The prevailing impression of Chile’s wine industry as one based on international varieties and conventional winemaking practices leaves little to the imagination. Yet all along, its ancestral wine culture has been hiding in plain sight.
Following a chain of valleys that runs from north to south, the Itata Valley denominación de origen (DO) is located south of the Maule Valley DO. It spans 60 miles of rolling hills and native forests, extending east from the Pacific Ocean to the foothills of the Andes Mountains, where the Cerro Blanco, peaking at 10,500 feet, dominates the landscape.
Wine culture here in the northernmost of Chile’s three southern wine regions exemplifies what is known as “evolution in isolation.” Experiencing no phylloxera and only a modest incursion of international grape varieties, this isolated region has held on to its heritage grapes and ancestral winemaking practices seldom found beyond its borders.
The Itata Valley DO is centered on Ñuble, which became Chile’s 16th political region in 2018. Like the Ñuble River, which flows west from the Andes to join the Itata River as it winds its way north to the Pacific Ocean, the region takes its name from an indigenous Mapudungún word meaning “narrow river” or “stony river.”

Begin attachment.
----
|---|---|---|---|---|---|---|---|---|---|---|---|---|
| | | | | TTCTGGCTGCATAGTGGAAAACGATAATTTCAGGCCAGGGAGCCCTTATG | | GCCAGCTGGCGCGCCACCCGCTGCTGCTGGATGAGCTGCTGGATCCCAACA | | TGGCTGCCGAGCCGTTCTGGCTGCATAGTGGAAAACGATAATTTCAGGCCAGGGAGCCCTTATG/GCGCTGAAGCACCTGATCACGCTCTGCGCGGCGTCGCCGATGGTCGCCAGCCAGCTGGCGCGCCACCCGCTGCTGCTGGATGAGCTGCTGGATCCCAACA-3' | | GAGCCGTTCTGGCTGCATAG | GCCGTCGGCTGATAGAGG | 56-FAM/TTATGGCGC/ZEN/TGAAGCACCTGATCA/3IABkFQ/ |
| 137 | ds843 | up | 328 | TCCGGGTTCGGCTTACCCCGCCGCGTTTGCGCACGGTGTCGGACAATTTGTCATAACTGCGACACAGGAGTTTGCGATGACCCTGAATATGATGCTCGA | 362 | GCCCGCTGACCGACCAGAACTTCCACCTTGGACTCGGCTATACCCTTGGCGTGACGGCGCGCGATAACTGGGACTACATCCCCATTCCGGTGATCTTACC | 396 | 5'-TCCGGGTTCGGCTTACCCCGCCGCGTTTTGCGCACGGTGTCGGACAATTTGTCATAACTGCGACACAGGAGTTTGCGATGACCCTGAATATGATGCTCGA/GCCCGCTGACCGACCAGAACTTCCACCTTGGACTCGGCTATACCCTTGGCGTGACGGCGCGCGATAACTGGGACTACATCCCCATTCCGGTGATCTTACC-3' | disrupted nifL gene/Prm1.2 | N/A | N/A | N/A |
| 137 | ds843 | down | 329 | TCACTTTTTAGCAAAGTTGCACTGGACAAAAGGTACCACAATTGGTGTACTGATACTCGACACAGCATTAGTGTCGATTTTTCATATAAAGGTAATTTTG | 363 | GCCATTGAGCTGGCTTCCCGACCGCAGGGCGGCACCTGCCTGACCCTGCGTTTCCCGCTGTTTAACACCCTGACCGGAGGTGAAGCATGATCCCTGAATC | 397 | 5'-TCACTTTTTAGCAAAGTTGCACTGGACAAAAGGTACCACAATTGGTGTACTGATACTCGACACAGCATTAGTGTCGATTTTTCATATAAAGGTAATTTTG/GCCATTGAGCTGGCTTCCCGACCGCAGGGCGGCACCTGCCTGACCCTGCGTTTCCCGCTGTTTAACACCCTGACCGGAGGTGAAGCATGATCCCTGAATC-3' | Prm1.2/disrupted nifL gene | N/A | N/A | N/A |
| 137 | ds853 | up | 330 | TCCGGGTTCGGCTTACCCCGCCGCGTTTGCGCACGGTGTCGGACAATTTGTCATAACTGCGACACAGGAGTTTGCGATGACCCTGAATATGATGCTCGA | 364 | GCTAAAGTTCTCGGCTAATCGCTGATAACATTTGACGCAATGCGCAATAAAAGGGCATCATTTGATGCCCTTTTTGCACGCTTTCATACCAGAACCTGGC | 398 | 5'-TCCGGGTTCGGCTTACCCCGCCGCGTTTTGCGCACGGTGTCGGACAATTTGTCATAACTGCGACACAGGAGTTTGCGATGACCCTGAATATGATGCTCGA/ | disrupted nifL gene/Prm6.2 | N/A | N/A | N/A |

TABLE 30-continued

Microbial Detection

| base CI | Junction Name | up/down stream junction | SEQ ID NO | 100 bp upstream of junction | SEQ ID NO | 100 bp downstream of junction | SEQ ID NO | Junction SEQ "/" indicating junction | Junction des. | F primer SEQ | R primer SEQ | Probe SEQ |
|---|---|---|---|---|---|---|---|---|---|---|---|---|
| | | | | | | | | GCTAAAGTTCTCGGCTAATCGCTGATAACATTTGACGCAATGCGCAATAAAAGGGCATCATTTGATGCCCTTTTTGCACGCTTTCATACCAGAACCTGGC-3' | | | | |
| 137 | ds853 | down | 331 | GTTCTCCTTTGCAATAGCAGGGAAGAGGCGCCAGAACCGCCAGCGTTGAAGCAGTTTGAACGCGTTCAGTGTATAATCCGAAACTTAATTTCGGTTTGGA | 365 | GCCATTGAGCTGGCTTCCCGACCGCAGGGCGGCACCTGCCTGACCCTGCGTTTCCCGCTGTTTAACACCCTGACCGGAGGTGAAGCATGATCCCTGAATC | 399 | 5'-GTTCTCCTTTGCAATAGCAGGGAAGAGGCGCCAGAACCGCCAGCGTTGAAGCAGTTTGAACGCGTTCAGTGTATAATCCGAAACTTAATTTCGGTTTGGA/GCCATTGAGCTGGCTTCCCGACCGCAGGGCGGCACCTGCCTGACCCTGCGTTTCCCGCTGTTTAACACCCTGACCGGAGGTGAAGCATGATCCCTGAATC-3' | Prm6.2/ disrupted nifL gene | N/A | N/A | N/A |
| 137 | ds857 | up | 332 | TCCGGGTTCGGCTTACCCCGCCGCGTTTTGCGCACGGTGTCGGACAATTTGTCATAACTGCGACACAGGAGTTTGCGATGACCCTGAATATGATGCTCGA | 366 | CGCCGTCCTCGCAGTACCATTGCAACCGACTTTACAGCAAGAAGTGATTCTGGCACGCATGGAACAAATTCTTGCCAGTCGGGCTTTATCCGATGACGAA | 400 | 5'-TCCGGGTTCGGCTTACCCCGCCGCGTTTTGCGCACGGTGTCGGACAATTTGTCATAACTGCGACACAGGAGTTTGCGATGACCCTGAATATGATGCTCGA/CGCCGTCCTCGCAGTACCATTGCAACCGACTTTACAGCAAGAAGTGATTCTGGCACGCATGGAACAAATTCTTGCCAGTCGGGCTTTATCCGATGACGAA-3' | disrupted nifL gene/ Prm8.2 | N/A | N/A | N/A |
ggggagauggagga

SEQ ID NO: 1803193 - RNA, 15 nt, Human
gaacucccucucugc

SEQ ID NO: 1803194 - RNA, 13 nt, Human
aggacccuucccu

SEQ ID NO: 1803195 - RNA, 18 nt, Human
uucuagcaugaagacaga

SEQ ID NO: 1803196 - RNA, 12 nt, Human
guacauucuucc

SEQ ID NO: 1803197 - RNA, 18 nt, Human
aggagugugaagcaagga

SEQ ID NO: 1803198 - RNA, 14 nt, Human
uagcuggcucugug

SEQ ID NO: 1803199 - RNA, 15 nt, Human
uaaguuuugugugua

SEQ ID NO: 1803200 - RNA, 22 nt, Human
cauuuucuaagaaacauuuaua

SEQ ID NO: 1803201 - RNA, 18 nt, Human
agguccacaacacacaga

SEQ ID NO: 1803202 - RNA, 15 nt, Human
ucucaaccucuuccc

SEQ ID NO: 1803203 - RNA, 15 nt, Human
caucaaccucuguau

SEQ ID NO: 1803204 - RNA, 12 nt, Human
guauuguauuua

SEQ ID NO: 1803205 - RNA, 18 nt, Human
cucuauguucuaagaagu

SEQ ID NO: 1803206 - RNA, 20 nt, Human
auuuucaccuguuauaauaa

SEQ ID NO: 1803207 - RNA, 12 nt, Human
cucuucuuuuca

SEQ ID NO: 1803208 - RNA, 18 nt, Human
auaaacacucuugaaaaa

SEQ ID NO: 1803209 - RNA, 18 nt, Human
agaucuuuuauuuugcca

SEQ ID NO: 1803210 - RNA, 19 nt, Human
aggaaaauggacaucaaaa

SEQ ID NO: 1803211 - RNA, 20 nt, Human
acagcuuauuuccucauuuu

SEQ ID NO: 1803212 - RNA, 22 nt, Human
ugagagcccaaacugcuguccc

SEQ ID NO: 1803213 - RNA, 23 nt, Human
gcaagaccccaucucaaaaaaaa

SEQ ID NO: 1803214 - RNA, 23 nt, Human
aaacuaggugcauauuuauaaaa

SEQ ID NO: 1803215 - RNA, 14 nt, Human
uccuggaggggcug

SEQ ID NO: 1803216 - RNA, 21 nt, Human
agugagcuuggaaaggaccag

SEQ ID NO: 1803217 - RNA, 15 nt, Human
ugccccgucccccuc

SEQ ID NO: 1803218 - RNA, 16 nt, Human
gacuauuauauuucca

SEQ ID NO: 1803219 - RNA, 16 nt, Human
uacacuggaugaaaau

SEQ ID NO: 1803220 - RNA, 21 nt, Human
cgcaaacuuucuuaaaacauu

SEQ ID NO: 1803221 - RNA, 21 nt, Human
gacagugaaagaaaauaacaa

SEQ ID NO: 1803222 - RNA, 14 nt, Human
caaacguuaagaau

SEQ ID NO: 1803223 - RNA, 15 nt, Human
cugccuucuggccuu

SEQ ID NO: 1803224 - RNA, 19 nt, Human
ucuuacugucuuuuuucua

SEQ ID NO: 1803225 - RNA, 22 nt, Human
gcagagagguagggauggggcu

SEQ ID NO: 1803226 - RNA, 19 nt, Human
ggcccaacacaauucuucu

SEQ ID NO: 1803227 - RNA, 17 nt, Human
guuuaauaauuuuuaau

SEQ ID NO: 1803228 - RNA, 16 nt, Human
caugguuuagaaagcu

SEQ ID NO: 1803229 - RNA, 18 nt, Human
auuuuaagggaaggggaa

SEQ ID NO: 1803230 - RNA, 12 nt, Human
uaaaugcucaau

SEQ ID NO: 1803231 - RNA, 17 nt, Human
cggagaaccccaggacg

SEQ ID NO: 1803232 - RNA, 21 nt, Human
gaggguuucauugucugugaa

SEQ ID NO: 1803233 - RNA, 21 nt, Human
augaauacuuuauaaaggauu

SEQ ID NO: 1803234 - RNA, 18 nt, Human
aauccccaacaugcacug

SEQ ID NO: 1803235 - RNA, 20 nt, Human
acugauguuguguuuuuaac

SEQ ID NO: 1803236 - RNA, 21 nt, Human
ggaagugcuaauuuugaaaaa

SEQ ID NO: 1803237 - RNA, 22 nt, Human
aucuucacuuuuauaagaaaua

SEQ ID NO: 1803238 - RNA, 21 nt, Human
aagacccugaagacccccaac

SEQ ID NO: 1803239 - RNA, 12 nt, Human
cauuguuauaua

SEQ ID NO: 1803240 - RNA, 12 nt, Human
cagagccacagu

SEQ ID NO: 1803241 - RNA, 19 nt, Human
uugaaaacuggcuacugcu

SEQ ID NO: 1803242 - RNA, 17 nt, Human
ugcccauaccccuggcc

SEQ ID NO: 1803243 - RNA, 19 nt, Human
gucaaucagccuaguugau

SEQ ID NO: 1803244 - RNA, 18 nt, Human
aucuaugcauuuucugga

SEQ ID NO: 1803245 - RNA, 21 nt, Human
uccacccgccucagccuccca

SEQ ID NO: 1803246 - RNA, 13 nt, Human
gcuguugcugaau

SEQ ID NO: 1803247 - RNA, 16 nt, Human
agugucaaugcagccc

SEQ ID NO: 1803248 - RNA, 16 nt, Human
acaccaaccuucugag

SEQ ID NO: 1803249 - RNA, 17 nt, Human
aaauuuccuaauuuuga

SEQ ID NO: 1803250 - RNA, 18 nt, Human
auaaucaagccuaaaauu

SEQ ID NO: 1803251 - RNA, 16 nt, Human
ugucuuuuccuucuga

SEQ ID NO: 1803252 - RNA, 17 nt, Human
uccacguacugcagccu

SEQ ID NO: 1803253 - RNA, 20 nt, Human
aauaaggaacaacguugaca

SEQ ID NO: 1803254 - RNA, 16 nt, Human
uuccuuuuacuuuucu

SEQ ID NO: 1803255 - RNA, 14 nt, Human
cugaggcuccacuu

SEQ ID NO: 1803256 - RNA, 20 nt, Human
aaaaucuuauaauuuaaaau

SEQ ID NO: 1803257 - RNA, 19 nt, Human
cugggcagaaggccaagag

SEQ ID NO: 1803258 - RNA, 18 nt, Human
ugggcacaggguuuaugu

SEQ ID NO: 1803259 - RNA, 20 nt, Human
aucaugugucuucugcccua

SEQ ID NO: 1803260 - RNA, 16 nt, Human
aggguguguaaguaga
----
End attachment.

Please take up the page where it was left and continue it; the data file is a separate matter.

While 97% of Ñuble’s vineyards lie within the province of Itata, the 13 communes comprising the Itata Valley DO extend beyond its borders and dip into the neighboring provinces of Diguillín and Punilla as well as the sunny coastal region of Bío Bío to the south. Here, the Mediterranean climate is like that of Maule and is cooled by the Humboldt Current that runs the length of Chile’s coastline, although any similarities to the northern valleys end there.
In contrast to the larger estates to the north, wineries in the Itata Valley are typically small and family-owned, with a production capacity averaging 60,000 liters per year. The average vineyard size here is just over 5 acres; plots are traditionally measured by the number of vines. Usually planted to old vines, organically farmed, plowed by horses, and handpicked, this rare patchwork of small estates has been instrumental in preserving the region’s culture and its distinctive wines.
The Itata Valley encompasses an extensive mix of head-trained, dry-farmed vineyards that are home to some of the oldest vines in Chile. The majority are ancient País (Listán Prieto), Muscat of Alexandria, and Torontel—varieties that arrived during the country’s colonial era. In the 1940s they were joined by Cinsault, Carignan, and Chasselas, which were introduced to improve the market price of the region’s wines, as well as by lesser plantings of the international varieties ubiquitous in many other areas of Chile.
Muscat of Alexandria and Cinsault form the backbone of Ñuble vineyards, especially in the Itata Valley, where they represent two-thirds of the grapes grown. Plantings of País, which came to Chile from Peru during the colonial era, are second only to those of Maule; Torontel, a natural cross of Muscat of Alexandria and País that originated in Mendoza, is considered indigenous. The heritage of these and other varieties is cataloged in Chile’s old-vine register; of the 22 producers from Itata listed there, ten care for vines 100 years or older, including Le Leona, which harbors a País vine dating back to 1798.